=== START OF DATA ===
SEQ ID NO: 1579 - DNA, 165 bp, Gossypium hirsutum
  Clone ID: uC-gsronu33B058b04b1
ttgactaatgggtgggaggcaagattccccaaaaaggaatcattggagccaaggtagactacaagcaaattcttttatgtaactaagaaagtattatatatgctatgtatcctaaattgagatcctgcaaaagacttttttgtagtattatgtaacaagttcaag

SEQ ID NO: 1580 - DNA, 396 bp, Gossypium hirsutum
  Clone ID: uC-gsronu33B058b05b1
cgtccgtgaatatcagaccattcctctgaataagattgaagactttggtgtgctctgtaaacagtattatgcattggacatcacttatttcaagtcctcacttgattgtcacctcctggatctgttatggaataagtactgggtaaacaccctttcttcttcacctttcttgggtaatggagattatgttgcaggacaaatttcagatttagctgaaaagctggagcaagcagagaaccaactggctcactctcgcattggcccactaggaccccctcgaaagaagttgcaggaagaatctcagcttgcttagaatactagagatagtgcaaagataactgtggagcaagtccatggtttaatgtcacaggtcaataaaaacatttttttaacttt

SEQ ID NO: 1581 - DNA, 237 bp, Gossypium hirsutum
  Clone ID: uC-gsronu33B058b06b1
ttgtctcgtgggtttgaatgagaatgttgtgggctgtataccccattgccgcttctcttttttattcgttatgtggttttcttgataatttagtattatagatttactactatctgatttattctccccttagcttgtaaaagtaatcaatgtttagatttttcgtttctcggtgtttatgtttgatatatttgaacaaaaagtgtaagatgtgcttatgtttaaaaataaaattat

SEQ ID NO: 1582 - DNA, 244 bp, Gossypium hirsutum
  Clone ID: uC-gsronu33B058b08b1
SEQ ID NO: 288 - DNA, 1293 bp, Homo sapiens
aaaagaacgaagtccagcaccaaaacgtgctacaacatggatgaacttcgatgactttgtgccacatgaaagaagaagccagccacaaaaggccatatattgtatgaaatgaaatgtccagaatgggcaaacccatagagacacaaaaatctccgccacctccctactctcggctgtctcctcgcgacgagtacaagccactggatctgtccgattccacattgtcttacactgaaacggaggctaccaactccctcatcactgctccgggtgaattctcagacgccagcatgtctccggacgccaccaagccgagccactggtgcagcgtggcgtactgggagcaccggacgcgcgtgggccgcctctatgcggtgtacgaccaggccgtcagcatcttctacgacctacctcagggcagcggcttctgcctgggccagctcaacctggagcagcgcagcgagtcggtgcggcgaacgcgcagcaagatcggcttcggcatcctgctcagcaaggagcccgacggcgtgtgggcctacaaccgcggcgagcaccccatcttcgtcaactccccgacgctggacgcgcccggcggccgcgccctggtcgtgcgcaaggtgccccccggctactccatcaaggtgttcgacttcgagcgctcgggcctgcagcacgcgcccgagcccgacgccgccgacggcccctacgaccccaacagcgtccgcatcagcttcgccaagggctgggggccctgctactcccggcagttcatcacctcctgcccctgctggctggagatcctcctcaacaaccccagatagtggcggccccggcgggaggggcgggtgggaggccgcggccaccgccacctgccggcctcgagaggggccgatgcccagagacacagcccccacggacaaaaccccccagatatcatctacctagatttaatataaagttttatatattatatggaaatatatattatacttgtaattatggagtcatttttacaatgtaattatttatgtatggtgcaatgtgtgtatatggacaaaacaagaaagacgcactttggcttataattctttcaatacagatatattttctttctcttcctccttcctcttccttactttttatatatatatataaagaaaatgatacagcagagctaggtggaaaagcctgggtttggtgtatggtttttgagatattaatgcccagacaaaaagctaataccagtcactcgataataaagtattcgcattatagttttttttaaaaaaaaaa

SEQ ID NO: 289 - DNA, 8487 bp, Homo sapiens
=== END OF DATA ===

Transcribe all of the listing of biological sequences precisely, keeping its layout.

SEQ ID NO: 1579 - DNA, 165 bp, Gossypium hirsutum
  Clone ID: uC-gsronu33B058b04b1
ttgactaatgggtgggaggcaagattccccaaaaaggaatcattggagccaaggtagactacaagcaaattcttttatgtaactaagaaagtattatatatgctatgtatcctaaattgagatcctgcaaaagacttttttgtagtattatgtaacaagttcaag

SEQ ID NO: 1580 - DNA, 396 bp, Gossypium hirsutum
  Clone ID: uC-gsronu33B058b05b1
cgtccgtgaatatcagaccattcctctgaataagattgaagactttggtgtgctctgtaaacagtattatgcattggacatcacttatttcaagtcctcacttgattgtcacctcctggatctgttatggaataagtactgggtaaacaccctttcttcttcacctttcttgggtaatggagattatgttgcaggacaaatttcagatttagctgaaaagctggagcaagcagagaaccaactggctcactctcgcattggcccactaggaccccctcgaaagaagttgcaggaagaatctcagcttgcttagaatactagagatagtgcaaagataactgtggagcaagtccatggtttaatgtcacaggtcaataaaaacatttttttaacttt

SEQ ID NO: 1581 - DNA, 237 bp, Gossypium hirsutum
  Clone ID: uC-gsronu33B058b06b1
ttgtctcgtgggtttgaatgagaatgttgtgggctgtataccccattgccgcttctcttttttattcgttatgtggttttcttgataatttagtattatagatttactactatctgatttattctccccttagcttgtaaaagtaatcaatgtttagatttttcgtttctcggtgtttatgtttgatatatttgaacaaaaagtgtaagatgtgcttatgtttaaaaataaaattat

SEQ ID NO: 1582 - DNA, 244 bp, Gossypium hirsutum
  Clone ID: uC-gsronu33B058b08b1
SEQ ID NO: 288 - DNA, 1293 bp, Homo sapiens
aaaagaacgaagtccagcaccaaaacgtgctacaacatggatgaacttcgatgactttgtgccacatgaaagaagaagccagccacaaaaggccatatattgtatgaaatgaaatgtccagaatgggcaaacccatagagacacaaaaatctccgccacctccctactctcggctgtctcctcgcgacgagtacaagccactggatctgtccgattccacattgtcttacactgaaacggaggctaccaactccctcatcactgctccgggtgaattctcagacgccagcatgtctccggacgccaccaagccgagccactggtgcagcgtggcgtactgggagcaccggacgcgcgtgggccgcctctatgcggtgtacgaccaggccgtcagcatcttctacgacctacctcagggcagcggcttctgcctgggccagctcaacctggagcagcgcagcgagtcggtgcggcgaacgcgcagcaagatcggcttcggcatcctgctcagcaaggagcccgacggcgtgtgggcctacaaccgcggcgagcaccccatcttcgtcaactccccgacgctggacgcgcccggcggccgcgccctggtcgtgcgcaaggtgccccccggctactccatcaaggtgttcgacttcgagcgctcgggcctgcagcacgcgcccgagcccgacgccgccgacggcccctacgaccccaacagcgtccgcatcagcttcgccaagggctgggggccctgctactcccggcagttcatcacctcctgcccctgctggctggagatcctcctcaacaaccccagatagtggcggccccggcgggaggggcgggtgggaggccgcggccaccgccacctgccggcctcgagaggggccgatgcccagagacacagcccccacggacaaaaccccccagatatcatctacctagatttaatataaagttttatatattatatggaaatatatattatacttgtaattatggagtcatttttacaatgtaattatttatgtatggtgcaatgtgtgtatatggacaaaacaagaaagacgcactttggcttataattctttcaatacagatatattttctttctcttcctccttcctcttccttactttttatatatatatataaagaaaatgatacagcagagctaggtggaaaagcctgggtttggtgtatggtttttgagatattaatgcccagacaaaaagctaataccagtcactcgataataaagtattcgcattatagttttttttaaaaaaaaaa

SEQ ID NO: 289 - DNA, 8487 bp, Homo sapiens